Tax Lien Ohio
What is a Federal Tax Lien?
A federal tax lien is a legal claim against your property if you ignore or fail to pay your taxes. The lien protects the government’s interest in all property including the following:
- Real Estate
- Individual Property
- Car Assets
- Financial Assets
- And More…
A federal tax lien is created, after the IRS puts your balance due, for taxes, to the books. This includes both assessments and the tax liability. The IRS will then send you a bill that explains how much you owe; this is known as the “Notice and Demand for Payment”.
A Tax Lien is when you then fail or refuse to pay the amount on the “Notice and Demand for Payment” in time. The IRS will then file a public document to alert creditors that the government has a legal right to your property. For more information please refer to “Publication 594: The IRS Collection Process”
How do I Get Rid of a Tax Lien?
The best way to get a tax lien removed is by paying your tax debt. The IRS will then release your lien within 30 days after you have paid the tax debt.
There are other options to get a tax lien removed. This happens when conditions are in the best interest of both the government and taxpayer. The options to reduce the impact of a tax lien include the following:
Discharge of Property
A “Discharge” removes the lien from certain property. To determine eligibility please see the Internal Revenue Code (IRC) and Publications such as Publication 783: Instructions on How to Apply for Certificate of Discharge from Federal Tax Lien
“Subordination” does not remove the lien, but it makes it easier to get a loan or mortgage due to the creditors moving ahead of the IRS. Do you want to see if you are eligible for Subordination? Please see the following article, Publication 784: Instructions on How to Apply for a Certificate of Subordination of Federal Tax Lien
A “Withdrawal” will remove the public “Notice of Federal Lien” and will ensure that the IRS is not competing with other creditors to take over your property. With a “Withdrawal” you are still responsible to pay the full amount of the “Notice of Federal Tax Lien”. For eligibility, refer to – Form 12277: Application for the Withdrawal of Filed Form 668(Y), Notice of Federal Tax Lien (Internal Revenue Code Section 6323(j))
According to the Commissioner’s 2011 “Fresh Start Initiative” there are now 2 additional Withdrawal options. Call today to find out more information (877) 505-9455.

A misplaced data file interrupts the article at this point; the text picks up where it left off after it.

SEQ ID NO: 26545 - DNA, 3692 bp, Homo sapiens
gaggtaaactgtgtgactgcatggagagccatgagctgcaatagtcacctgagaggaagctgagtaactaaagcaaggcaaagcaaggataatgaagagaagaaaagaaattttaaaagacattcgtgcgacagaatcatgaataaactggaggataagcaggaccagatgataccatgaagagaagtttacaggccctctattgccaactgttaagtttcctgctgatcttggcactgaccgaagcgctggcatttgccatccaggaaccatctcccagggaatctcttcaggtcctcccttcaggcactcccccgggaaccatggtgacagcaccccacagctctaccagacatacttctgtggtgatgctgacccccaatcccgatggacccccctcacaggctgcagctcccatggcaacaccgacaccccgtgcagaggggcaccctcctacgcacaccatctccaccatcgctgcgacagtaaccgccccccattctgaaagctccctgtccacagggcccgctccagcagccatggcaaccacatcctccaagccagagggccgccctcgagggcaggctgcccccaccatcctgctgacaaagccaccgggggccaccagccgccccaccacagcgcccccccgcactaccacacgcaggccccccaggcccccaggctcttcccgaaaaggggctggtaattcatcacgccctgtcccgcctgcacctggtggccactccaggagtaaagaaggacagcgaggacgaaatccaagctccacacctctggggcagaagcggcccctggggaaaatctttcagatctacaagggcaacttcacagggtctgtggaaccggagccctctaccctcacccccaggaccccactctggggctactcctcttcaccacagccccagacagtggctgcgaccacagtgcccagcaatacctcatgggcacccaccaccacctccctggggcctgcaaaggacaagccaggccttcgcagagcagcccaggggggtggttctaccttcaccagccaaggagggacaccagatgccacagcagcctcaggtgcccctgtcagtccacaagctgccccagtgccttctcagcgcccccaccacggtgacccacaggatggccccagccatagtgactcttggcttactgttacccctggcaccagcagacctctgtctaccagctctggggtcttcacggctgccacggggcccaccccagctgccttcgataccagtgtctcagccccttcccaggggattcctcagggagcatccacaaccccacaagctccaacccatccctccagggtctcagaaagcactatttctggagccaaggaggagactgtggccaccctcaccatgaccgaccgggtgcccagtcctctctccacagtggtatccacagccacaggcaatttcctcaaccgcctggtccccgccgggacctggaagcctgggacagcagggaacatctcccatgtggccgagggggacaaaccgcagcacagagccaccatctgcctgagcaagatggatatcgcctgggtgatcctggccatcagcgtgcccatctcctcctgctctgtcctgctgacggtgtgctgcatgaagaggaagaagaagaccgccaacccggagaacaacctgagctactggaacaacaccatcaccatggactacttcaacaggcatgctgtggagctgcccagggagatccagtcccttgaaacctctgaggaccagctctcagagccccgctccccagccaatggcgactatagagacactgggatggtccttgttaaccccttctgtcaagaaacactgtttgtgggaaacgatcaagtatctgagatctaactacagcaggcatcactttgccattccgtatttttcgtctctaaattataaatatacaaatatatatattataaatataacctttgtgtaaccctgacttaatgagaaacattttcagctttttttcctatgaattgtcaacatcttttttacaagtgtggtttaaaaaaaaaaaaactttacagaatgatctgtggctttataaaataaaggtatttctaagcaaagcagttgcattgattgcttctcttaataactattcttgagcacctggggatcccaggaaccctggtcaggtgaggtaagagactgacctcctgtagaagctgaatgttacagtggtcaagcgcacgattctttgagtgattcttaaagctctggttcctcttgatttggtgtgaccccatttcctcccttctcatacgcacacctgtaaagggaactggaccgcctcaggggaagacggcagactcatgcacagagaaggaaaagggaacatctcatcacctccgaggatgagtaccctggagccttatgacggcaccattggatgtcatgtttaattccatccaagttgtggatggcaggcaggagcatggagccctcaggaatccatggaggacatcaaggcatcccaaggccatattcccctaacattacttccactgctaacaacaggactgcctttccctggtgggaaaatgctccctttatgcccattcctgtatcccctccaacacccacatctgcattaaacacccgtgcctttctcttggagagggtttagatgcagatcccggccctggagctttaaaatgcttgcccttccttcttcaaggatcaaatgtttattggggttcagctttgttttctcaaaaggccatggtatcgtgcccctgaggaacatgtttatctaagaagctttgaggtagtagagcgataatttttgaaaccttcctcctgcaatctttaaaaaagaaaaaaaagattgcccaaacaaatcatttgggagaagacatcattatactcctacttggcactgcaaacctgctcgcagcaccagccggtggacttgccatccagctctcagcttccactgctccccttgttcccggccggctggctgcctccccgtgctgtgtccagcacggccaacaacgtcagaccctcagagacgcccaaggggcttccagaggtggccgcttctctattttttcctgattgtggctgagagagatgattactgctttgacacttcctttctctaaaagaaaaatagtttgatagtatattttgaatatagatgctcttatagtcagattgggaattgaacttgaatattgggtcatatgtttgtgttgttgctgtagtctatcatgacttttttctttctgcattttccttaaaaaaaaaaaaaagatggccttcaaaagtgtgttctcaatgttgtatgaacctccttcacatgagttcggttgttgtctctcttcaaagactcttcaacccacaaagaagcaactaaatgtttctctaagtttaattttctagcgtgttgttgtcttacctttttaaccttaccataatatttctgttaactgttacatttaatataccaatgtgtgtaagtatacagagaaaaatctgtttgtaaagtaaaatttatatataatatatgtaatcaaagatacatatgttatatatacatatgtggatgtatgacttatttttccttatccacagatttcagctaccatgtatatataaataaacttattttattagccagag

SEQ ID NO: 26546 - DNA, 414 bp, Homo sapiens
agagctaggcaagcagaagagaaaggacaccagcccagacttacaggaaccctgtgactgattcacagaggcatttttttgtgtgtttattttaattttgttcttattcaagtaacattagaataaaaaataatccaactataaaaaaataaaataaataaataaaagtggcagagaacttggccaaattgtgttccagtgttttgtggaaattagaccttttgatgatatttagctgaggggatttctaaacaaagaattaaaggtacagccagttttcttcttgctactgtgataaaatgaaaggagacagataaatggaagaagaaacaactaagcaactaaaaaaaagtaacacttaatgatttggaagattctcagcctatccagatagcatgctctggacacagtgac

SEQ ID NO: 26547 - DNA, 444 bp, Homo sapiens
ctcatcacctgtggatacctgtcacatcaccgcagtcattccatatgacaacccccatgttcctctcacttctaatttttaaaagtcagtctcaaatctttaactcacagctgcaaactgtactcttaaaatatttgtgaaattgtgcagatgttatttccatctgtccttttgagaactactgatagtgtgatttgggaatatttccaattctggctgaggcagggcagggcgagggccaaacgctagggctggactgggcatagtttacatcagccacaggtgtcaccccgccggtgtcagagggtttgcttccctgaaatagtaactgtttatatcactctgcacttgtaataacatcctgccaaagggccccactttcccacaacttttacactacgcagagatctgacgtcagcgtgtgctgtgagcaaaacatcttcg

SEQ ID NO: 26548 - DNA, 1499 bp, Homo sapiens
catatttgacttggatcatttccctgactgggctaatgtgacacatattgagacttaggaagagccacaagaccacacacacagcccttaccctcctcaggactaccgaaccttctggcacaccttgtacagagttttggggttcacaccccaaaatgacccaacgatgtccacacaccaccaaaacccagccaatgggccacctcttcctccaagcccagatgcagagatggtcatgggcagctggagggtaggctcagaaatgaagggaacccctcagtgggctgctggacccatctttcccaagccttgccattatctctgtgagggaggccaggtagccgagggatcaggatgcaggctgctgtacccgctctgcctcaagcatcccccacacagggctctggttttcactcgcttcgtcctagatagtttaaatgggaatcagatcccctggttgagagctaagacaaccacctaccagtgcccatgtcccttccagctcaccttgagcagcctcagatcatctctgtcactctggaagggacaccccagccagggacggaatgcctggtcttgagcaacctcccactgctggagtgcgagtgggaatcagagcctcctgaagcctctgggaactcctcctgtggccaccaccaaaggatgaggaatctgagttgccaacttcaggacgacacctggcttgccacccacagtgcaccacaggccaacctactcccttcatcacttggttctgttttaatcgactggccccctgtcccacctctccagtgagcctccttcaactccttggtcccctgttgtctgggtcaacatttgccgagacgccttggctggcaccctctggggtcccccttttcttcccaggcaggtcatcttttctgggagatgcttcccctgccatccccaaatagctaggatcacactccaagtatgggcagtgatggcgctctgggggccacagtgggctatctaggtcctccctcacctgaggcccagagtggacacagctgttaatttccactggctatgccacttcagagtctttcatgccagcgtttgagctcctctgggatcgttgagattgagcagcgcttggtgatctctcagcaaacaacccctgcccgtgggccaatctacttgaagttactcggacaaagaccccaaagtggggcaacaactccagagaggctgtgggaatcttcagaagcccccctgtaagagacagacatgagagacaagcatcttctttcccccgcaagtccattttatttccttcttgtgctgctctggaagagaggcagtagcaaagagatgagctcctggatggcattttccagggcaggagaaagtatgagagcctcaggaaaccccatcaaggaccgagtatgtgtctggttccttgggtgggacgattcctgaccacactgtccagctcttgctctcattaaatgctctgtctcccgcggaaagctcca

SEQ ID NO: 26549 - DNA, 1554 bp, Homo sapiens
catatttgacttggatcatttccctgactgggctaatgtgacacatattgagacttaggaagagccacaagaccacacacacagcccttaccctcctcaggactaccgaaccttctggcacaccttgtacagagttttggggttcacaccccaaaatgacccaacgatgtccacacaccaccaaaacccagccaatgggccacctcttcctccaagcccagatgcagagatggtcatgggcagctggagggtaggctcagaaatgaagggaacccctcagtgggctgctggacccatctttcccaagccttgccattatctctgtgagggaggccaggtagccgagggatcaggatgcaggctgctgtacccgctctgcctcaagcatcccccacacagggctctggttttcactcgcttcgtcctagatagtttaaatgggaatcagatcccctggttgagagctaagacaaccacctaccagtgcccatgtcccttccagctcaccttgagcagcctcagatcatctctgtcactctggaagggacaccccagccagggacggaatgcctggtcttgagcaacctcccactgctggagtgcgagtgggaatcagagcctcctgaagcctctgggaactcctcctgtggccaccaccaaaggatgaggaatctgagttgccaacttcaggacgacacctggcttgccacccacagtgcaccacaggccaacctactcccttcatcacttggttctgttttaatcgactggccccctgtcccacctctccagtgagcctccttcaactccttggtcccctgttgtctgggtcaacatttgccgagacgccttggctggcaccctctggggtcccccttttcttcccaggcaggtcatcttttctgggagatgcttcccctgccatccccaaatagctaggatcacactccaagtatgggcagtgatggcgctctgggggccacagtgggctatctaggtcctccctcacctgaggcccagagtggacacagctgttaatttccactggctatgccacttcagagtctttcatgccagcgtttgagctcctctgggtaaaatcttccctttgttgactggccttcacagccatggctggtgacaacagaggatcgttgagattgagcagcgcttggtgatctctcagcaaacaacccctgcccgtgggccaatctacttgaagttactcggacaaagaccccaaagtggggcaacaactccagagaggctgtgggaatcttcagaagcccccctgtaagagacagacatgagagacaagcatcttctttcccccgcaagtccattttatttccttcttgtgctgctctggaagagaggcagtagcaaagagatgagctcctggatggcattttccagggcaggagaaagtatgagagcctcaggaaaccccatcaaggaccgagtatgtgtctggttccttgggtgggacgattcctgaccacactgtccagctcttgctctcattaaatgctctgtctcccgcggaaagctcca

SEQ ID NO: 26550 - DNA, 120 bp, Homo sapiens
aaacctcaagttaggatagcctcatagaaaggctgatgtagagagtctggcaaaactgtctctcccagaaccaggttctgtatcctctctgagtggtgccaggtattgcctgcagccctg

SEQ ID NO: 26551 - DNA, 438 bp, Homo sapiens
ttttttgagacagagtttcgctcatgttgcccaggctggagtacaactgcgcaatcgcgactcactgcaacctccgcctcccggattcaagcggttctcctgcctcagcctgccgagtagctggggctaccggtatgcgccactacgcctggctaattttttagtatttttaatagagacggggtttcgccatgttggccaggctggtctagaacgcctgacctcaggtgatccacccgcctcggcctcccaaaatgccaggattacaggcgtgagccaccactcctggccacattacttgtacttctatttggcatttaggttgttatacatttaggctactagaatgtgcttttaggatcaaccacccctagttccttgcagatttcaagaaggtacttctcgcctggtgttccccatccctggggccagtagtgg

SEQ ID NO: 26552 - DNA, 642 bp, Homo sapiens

How Does a Tax Lien Affect Me?
There are 4 separate ways that a tax lien can affect you. They include the following:
- Assets – A lien is attached to all your assets. Even future assets are at risk during the time that you have a tax lien under your name.
- Credit – At the time that the IRS files a “Notice of Federal Tax Lien”, there is a possibility that it will affect any/all credit.
- Business – The lien will attach to the business property and the full rights to the business property, including accounts receivable.
- Bankruptcy – Even if you file for Bankruptcy a tax debt, lien and Notice of Federal Tax Lien may continue after the bankruptcy time is complete.
How can I Avoid a Lien?
To avoid a Lien, you need to make sure that you are filing your taxes on time. If you are unable to pay the balance owing, do not ignore the letters from the IRS or correspondence that are sent to you. There are payment options that the IRS offers if you can’t pay the amount in full. These payment options are available to you to help settle any of your debt with the IRS over a select amount of time.
Lien vs. Levy
Some people will confuse a lien with a levy. A lien is not a levy. A lien secures the government’s interest in your assets and property when you do not pay your taxes. A Levy, on the other hand, takes your property to pay what you owe.
You need to decide on a payment plan to settle your debt with the IRS or they can levy, seize, and sell any of your property that you own or will own within a certain timeframe.
If you have any tax questions about Tax Lien issues you may come across, please don’t hesitate to call Sheppard Law Offices today at (877) 505-9455.